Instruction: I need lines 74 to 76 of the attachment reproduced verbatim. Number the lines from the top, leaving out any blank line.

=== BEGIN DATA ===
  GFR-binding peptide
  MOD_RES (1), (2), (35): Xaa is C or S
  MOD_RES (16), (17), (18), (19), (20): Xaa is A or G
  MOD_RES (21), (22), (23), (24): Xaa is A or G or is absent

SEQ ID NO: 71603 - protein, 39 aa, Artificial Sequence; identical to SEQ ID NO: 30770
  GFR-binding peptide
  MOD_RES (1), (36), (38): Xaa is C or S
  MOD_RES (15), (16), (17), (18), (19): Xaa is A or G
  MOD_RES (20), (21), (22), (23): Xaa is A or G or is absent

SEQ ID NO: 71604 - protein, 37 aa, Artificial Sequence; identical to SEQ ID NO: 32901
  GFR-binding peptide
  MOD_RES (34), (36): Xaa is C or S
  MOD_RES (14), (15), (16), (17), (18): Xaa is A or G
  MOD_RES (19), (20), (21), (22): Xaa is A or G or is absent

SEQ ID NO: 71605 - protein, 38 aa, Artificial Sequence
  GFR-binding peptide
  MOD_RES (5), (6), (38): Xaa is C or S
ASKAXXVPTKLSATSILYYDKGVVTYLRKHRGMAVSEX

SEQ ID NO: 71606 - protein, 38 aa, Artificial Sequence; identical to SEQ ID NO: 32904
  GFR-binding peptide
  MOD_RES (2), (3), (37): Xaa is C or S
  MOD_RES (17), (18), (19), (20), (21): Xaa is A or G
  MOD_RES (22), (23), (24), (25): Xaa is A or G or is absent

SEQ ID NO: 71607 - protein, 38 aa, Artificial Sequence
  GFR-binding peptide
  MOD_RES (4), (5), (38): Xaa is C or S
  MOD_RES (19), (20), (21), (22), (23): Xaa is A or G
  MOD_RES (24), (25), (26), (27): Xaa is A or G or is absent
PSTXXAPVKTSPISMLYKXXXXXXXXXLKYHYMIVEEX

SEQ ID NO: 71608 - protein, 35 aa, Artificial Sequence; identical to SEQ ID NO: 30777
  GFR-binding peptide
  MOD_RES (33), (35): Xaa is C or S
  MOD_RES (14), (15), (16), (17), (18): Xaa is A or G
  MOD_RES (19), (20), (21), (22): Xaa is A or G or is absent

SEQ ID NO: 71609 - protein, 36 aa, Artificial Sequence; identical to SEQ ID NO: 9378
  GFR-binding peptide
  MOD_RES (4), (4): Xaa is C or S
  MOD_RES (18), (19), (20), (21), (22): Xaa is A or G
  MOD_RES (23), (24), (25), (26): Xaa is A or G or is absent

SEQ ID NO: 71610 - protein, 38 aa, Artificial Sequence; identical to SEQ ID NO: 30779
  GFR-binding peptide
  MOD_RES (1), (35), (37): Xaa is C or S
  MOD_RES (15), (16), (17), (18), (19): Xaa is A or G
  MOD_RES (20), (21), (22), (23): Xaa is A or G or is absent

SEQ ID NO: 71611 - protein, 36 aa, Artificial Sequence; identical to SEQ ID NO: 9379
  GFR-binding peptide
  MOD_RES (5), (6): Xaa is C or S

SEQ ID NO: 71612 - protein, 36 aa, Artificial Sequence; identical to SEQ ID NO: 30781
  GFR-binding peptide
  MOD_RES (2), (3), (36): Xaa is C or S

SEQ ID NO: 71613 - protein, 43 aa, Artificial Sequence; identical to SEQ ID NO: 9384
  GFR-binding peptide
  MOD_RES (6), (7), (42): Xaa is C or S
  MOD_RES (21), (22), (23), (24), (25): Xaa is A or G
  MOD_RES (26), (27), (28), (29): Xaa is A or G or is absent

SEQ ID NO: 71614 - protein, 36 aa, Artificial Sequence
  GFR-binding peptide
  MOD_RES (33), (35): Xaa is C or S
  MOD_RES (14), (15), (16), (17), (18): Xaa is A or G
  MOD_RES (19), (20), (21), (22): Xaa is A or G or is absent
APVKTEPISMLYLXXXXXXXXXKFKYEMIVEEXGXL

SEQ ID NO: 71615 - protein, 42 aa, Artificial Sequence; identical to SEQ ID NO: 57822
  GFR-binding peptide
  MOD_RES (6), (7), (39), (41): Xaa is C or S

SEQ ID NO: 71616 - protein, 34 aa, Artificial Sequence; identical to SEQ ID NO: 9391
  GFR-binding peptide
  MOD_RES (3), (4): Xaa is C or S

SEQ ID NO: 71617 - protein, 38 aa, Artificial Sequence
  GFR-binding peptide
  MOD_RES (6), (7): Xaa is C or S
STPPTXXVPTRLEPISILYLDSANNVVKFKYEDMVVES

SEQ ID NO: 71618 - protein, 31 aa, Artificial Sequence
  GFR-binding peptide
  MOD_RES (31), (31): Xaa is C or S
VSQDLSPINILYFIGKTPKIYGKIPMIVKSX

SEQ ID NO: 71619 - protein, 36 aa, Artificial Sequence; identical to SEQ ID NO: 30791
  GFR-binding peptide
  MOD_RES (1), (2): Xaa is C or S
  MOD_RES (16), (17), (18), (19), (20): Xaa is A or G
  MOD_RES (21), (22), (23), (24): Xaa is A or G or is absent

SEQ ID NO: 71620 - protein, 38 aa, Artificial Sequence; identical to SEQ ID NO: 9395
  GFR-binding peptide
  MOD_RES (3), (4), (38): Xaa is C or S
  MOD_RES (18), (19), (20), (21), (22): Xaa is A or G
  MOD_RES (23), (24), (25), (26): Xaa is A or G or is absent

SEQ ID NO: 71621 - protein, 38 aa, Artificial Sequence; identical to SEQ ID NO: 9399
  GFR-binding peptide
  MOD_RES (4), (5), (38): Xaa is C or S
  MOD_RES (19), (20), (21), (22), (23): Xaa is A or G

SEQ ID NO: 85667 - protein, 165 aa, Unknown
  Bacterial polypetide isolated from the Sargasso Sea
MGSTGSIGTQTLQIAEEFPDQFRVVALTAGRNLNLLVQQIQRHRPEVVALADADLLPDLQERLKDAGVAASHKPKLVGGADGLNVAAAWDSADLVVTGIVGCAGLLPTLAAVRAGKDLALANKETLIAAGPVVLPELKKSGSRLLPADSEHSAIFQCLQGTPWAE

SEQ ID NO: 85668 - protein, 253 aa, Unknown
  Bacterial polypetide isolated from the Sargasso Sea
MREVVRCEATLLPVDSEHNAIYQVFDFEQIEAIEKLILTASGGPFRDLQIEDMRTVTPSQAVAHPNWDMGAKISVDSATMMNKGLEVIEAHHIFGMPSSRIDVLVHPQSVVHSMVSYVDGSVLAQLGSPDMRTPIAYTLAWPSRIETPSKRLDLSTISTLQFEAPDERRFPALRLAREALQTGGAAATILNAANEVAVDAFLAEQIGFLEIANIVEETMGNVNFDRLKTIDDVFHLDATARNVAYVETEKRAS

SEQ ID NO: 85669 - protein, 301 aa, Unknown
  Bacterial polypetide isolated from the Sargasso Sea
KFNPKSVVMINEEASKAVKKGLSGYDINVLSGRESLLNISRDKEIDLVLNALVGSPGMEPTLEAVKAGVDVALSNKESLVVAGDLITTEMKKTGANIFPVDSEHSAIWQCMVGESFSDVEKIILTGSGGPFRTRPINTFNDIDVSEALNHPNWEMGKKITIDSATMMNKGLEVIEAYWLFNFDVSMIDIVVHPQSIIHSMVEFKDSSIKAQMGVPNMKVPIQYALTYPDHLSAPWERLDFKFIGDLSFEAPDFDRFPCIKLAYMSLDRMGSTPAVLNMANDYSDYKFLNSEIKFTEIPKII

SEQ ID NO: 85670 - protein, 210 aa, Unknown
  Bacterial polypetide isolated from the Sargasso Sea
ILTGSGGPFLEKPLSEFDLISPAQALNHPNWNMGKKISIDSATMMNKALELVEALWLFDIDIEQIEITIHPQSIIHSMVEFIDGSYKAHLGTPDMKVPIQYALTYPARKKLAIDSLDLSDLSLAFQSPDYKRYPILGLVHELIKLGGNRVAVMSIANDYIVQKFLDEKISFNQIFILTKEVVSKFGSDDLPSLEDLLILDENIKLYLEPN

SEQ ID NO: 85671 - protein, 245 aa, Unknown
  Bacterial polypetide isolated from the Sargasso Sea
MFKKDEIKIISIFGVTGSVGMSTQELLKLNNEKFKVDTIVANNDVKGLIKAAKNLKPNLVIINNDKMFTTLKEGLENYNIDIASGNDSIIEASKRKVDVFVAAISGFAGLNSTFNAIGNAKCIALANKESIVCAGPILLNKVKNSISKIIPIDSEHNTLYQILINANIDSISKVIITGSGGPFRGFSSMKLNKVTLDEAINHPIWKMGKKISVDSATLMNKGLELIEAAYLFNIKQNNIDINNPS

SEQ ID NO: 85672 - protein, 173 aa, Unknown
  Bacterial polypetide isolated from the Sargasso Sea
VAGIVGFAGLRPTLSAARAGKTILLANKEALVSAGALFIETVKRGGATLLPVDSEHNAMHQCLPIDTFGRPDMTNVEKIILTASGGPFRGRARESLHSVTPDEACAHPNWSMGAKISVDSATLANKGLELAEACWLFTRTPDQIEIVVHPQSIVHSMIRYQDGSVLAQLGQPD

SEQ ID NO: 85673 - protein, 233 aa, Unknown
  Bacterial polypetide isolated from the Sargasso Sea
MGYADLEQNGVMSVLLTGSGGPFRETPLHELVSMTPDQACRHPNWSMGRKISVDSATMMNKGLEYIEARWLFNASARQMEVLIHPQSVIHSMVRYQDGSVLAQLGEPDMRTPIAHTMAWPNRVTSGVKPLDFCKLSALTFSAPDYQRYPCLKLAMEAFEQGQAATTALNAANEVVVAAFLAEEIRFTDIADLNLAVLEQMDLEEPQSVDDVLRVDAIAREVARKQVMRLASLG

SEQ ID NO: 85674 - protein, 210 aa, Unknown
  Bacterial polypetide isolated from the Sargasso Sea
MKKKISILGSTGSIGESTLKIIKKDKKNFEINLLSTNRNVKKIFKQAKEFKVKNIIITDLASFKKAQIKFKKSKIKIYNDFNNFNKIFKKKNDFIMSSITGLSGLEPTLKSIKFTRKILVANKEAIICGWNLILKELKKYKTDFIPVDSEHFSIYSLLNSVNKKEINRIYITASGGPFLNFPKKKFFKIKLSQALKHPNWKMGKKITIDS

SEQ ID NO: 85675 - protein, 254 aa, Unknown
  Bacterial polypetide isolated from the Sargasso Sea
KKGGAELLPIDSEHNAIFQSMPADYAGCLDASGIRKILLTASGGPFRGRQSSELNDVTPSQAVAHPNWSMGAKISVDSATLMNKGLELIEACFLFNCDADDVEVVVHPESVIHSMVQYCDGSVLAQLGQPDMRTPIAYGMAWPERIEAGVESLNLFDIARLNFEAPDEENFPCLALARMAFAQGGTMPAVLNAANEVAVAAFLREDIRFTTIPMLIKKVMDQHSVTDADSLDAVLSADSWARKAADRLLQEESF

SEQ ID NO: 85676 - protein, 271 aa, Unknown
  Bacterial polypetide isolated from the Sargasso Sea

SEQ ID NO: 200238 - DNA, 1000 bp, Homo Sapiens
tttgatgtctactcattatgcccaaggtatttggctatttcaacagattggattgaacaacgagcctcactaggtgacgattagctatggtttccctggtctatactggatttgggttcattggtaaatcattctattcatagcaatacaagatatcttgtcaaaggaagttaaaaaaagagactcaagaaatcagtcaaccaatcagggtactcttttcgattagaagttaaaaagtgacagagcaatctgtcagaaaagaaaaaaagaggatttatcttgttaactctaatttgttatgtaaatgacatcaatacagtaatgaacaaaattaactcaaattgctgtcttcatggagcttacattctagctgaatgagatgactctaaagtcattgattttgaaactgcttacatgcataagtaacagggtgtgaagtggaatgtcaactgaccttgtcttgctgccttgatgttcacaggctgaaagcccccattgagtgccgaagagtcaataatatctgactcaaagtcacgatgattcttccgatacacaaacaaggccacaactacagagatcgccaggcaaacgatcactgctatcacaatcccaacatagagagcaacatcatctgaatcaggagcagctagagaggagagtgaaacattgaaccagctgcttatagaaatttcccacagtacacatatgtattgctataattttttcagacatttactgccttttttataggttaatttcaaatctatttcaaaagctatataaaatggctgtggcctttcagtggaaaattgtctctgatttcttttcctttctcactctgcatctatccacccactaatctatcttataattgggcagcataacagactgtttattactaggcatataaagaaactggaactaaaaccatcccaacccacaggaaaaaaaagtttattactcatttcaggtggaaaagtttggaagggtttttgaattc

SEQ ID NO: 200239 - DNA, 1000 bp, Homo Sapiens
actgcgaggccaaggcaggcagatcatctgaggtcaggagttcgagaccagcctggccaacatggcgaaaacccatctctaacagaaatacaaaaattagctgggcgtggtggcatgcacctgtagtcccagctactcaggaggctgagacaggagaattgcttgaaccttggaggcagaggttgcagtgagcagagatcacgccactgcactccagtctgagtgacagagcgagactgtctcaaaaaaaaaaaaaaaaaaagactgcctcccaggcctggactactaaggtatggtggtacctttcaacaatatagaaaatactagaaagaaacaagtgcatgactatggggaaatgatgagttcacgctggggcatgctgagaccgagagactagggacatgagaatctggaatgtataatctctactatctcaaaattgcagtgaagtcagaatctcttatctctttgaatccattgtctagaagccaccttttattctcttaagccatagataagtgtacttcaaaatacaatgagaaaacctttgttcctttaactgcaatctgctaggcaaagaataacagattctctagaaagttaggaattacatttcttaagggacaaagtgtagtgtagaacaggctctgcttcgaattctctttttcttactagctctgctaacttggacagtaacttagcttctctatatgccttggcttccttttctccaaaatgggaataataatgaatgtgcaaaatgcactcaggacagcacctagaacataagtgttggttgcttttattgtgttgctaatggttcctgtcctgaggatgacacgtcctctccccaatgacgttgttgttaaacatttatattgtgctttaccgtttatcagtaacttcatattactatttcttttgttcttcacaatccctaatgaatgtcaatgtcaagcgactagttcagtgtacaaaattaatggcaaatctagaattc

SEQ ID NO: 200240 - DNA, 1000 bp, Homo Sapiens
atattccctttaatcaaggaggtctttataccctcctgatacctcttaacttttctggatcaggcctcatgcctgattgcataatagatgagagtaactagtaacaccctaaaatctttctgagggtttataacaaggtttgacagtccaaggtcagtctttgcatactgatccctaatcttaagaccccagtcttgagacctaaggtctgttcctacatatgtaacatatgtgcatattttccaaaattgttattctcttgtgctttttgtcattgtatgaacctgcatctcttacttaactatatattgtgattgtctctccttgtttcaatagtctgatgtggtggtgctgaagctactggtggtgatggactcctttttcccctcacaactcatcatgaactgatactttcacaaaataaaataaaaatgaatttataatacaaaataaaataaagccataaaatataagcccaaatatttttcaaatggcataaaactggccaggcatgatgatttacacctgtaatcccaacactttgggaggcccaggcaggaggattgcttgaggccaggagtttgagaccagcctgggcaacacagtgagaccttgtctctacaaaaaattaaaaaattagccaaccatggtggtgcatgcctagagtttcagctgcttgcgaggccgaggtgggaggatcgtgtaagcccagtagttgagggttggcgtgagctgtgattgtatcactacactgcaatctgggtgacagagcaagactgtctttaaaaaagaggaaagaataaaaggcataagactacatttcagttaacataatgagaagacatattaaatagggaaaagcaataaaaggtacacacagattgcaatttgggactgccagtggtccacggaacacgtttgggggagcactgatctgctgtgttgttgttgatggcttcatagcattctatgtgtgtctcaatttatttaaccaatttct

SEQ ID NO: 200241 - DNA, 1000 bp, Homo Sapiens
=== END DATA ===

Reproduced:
  MOD_RES (31), (31): Xaa is C or S
VSQDLSPINILYFIGKTPKIYGKIPMIVKSX

SEQ ID NO: 71619 - protein, 36 aa, Artificial Sequence; identical to SEQ ID NO: 30791